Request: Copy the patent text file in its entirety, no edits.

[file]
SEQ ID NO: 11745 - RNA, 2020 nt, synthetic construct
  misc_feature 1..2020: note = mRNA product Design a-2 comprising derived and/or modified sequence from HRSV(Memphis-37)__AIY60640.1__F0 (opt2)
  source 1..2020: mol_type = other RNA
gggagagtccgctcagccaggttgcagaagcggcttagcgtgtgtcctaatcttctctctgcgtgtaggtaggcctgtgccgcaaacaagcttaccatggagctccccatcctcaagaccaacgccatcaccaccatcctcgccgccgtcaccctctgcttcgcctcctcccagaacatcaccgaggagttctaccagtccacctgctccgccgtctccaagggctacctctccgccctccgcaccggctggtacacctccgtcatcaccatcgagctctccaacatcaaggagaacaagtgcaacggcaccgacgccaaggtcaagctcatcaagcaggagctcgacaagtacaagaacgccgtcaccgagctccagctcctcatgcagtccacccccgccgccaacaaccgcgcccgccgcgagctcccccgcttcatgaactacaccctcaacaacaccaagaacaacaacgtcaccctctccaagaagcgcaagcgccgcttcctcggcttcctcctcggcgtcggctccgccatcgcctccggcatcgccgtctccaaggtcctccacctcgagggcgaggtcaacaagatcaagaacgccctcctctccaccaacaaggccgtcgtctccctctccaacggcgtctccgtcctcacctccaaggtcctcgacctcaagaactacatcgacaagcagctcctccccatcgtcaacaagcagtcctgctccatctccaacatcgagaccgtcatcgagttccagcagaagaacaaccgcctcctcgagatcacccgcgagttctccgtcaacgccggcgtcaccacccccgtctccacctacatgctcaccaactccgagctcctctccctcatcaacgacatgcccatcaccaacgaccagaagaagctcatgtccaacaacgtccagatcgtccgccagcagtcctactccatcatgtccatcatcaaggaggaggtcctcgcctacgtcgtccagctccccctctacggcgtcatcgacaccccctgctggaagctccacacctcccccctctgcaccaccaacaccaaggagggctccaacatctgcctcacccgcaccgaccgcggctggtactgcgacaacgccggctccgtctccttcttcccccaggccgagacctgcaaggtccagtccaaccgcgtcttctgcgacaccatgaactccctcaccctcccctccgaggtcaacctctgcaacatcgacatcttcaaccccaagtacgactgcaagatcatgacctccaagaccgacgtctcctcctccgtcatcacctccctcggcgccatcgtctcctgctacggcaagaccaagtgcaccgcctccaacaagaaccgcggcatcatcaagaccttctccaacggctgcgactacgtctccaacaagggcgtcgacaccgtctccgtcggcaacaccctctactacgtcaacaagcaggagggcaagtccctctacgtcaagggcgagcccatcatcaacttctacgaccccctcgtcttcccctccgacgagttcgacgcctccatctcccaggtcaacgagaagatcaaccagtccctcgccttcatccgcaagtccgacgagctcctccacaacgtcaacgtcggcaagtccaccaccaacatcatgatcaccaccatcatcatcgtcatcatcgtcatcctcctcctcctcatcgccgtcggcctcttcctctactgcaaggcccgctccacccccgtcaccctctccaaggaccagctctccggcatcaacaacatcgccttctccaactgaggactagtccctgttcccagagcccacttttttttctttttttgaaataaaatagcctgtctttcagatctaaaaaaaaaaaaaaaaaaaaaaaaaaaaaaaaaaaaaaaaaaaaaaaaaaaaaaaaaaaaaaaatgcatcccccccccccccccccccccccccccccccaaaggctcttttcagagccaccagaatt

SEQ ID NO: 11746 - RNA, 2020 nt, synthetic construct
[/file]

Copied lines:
SEQ ID NO: 11745 - RNA, 2020 nt, synthetic construct
  misc_feature 1..2020: note = mRNA product Design a-2 comprising derived and/or modified sequence from HRSV(Memphis-37)__AIY60640.1__F0 (opt2)
  source 1..2020: mol_type = other RNA
gggagagtccgctcagccaggttgcagaagcggcttagcgtgtgtcctaatcttctctctgcgtgtaggtaggcctgtgccgcaaacaagcttaccatggagctccccatcctcaagaccaacgccatcaccaccatcctcgccgccgtcaccctctgcttcgcctcctcccagaacatcaccgaggagttctaccagtccacctgctccgccgtctccaagggctacctctccgccctccgcaccggctggtacacctccgtcatcaccatcgagctctccaacatcaaggagaacaagtgcaacggcaccgacgccaaggtcaagctcatcaagcaggagctcgacaagtacaagaacgccgtcaccgagctccagctcctcatgcagtccacccccgccgccaacaaccgcgcccgccgcgagctcccccgcttcatgaactacaccctcaacaacaccaagaacaacaacgtcaccctctccaagaagcgcaagcgccgcttcctcggcttcctcctcggcgtcggctccgccatcgcctccggcatcgccgtctccaaggtcctccacctcgagggcgaggtcaacaagatcaagaacgccctcctctccaccaacaaggccgtcgtctccctctccaacggcgtctccgtcctcacctccaaggtcctcgacctcaagaactacatcgacaagcagctcctccccatcgtcaacaagcagtcctgctccatctccaacatcgagaccgtcatcgagttccagcagaagaacaaccgcctcctcgagatcacccgcgagttctccgtcaacgccggcgtcaccacccccgtctccacctacatgctcaccaactccgagctcctctccctcatcaacgacatgcccatcaccaacgaccagaagaagctcatgtccaacaacgtccagatcgtccgccagcagtcctactccatcatgtccatcatcaaggaggaggtcctcgcctacgtcgtccagctccccctctacggcgtcatcgacaccccctgctggaagctccacacctcccccctctgcaccaccaacaccaaggagggctccaacatctgcctcacccgcaccgaccgcggctggtactgcgacaacgccggctccgtctccttcttcccccaggccgagacctgcaaggtccagtccaaccgcgtcttctgcgacaccatgaactccctcaccctcccctccgaggtcaacctctgcaacatcgacatcttcaaccccaagtacgactgcaagatcatgacctccaagaccgacgtctcctcctccgtcatcacctccctcggcgccatcgtctcctgctacggcaagaccaagtgcaccgcctccaacaagaaccgcggcatcatcaagaccttctccaacggctgcgactacgtctccaacaagggcgtcgacaccgtctccgtcggcaacaccctctactacgtcaacaagcaggagggcaagtccctctacgtcaagggcgagcccatcatcaacttctacgaccccctcgtcttcccctccgacgagttcgacgcctccatctcccaggtcaacgagaagatcaaccagtccctcgccttcatccgcaagtccgacgagctcctccacaacgtcaacgtcggcaagtccaccaccaacatcatgatcaccaccatcatcatcgtcatcatcgtcatcctcctcctcctcatcgccgtcggcctcttcctctactgcaaggcccgctccacccccgtcaccctctccaaggaccagctctccggcatcaacaacatcgccttctccaactgaggactagtccctgttcccagagcccacttttttttctttttttgaaataaaatagcctgtctttcagatctaaaaaaaaaaaaaaaaaaaaaaaaaaaaaaaaaaaaaaaaaaaaaaaaaaaaaaaaaaaaaaaatgcatcccccccccccccccccccccccccccccccaaaggctcttttcagagccaccagaatt

SEQ ID NO: 11746 - RNA, 2020 nt, synthetic construct